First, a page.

Looking through the lenses of Cambodia society, the writer points out the trend of unnecessary over-prescription of medicines for patients, in this day and age. Perhaps the question to ask ourselves as palliative care workers is “Does taking this medication help the patient NOW, if the medication is meant for controlling certain chronic conditions for the next 10 years?” Palliative care focuses on improving quality of life, and reducing the number of tablets they take may help them improve their appetite, and also feel better emotionally. Can you imagine having to swallow 10 tablets, 3 times a day?
“It has been estimated that in the UK over £2 billion a year is spent on unnecessary, expensive or inappropriate treatment. Furthermore, it is thought that around £300 million is spend by the NHS on wasted medications, as often happens when a person’s medication regime is changed and medicines get stockpiled at home, or when repeat prescriptions are issued without review.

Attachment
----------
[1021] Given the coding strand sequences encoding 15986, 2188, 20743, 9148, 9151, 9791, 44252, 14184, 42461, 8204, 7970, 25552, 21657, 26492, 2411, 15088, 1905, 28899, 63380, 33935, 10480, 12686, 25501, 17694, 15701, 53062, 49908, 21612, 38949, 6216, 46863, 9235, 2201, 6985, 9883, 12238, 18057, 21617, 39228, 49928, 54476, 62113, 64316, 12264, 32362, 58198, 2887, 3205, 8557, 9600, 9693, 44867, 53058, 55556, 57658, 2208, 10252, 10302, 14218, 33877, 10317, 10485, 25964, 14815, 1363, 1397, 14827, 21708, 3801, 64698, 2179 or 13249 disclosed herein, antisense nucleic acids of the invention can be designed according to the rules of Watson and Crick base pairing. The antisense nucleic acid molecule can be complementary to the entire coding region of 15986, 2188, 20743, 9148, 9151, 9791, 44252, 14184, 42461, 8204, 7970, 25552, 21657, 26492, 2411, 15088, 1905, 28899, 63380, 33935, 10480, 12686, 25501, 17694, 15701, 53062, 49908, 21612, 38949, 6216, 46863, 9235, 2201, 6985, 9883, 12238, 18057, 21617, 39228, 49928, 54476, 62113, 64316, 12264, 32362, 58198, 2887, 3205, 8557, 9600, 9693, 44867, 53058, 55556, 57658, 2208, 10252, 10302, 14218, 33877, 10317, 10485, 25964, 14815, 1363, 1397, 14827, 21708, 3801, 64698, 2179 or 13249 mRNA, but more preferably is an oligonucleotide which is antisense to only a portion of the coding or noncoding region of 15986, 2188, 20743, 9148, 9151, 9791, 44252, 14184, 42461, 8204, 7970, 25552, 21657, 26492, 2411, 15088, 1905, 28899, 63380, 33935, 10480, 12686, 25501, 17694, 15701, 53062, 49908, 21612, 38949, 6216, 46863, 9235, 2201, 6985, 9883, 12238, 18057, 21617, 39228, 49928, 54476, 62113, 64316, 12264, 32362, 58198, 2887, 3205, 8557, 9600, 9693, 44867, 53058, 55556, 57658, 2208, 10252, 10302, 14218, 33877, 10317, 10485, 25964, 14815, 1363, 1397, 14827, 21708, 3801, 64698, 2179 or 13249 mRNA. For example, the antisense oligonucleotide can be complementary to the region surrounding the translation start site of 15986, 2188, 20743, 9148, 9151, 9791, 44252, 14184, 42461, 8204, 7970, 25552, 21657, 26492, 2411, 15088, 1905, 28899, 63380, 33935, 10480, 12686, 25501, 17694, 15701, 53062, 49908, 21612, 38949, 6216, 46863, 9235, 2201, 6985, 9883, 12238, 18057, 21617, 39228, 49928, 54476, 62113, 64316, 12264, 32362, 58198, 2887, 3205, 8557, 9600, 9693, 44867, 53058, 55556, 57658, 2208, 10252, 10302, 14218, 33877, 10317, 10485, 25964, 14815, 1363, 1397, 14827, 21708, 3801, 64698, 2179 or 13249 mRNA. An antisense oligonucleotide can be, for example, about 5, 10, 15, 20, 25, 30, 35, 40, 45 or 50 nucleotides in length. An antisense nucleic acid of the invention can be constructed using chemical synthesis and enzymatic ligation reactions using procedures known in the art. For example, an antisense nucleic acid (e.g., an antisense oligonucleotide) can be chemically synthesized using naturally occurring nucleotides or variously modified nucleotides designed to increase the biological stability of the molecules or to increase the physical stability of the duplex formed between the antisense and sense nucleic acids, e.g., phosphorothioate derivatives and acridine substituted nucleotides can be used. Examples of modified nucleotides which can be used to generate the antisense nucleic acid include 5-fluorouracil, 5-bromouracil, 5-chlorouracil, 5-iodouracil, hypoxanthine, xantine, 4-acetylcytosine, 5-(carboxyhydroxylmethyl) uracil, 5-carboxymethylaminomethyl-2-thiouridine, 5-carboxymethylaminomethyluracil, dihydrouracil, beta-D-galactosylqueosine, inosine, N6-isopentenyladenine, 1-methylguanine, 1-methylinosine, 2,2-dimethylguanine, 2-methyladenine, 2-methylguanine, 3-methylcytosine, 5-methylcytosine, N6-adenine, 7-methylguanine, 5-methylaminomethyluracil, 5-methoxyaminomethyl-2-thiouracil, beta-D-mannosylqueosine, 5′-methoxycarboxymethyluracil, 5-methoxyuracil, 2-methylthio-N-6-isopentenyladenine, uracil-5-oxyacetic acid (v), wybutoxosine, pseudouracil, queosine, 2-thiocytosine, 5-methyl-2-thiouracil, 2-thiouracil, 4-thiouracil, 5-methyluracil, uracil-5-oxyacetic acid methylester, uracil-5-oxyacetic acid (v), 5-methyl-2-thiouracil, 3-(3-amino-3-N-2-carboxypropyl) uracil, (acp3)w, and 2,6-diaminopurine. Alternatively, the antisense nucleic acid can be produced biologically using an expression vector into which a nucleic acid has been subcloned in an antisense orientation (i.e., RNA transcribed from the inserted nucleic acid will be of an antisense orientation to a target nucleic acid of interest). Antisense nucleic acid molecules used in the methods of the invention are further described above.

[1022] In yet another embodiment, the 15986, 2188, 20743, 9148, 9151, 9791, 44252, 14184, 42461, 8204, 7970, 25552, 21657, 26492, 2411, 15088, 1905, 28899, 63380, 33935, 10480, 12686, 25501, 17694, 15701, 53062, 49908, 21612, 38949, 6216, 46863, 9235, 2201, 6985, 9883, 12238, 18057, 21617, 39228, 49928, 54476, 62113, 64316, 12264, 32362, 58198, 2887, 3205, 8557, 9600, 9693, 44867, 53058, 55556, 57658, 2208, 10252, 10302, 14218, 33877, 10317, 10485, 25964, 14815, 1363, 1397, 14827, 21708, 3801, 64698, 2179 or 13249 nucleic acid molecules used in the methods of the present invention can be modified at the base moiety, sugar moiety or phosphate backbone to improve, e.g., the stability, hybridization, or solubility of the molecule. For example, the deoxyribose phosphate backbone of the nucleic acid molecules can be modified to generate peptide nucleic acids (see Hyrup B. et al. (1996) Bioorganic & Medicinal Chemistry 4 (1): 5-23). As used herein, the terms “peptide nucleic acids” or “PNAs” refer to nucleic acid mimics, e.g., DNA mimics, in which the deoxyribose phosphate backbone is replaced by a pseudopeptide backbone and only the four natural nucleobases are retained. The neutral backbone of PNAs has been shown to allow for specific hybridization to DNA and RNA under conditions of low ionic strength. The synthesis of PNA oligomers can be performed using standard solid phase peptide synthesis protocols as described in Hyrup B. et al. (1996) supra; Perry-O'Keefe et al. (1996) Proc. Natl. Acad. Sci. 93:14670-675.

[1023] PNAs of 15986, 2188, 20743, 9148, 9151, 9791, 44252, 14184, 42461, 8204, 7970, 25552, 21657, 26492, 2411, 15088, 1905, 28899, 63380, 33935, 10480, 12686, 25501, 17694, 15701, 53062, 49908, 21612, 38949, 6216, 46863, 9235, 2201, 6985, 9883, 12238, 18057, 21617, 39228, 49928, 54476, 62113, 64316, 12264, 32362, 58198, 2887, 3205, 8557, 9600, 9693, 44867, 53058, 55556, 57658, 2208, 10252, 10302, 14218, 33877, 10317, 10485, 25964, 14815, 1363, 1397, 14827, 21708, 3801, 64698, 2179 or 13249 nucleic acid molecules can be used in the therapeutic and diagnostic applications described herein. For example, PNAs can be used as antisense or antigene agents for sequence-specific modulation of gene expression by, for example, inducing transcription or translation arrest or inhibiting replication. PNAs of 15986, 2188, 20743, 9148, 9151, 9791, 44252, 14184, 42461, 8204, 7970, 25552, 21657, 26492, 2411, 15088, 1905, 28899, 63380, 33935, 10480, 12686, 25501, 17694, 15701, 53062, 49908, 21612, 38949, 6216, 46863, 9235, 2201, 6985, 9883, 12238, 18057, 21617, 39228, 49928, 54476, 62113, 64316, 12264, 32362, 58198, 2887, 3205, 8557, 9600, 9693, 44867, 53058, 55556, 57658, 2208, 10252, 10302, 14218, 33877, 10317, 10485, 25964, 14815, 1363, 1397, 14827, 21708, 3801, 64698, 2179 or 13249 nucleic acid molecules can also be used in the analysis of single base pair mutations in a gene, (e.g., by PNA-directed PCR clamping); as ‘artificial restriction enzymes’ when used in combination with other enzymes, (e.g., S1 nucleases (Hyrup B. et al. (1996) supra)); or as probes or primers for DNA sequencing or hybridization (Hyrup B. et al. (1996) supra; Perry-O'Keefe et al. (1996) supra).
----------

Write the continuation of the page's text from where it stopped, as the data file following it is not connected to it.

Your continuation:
To put this in perspective, the gross domestic product for the whole of Cambodia last year was around $50 billion (approx £37 million).
One of the main ways in which waste can be reduced is through adequate support at the point of prescribing. It is also essential that the effectiveness of medicines, and any adverse effects, are closely monitored, as people may decide to stop their medicines if unsupported.”
Read the full article on ehospice here.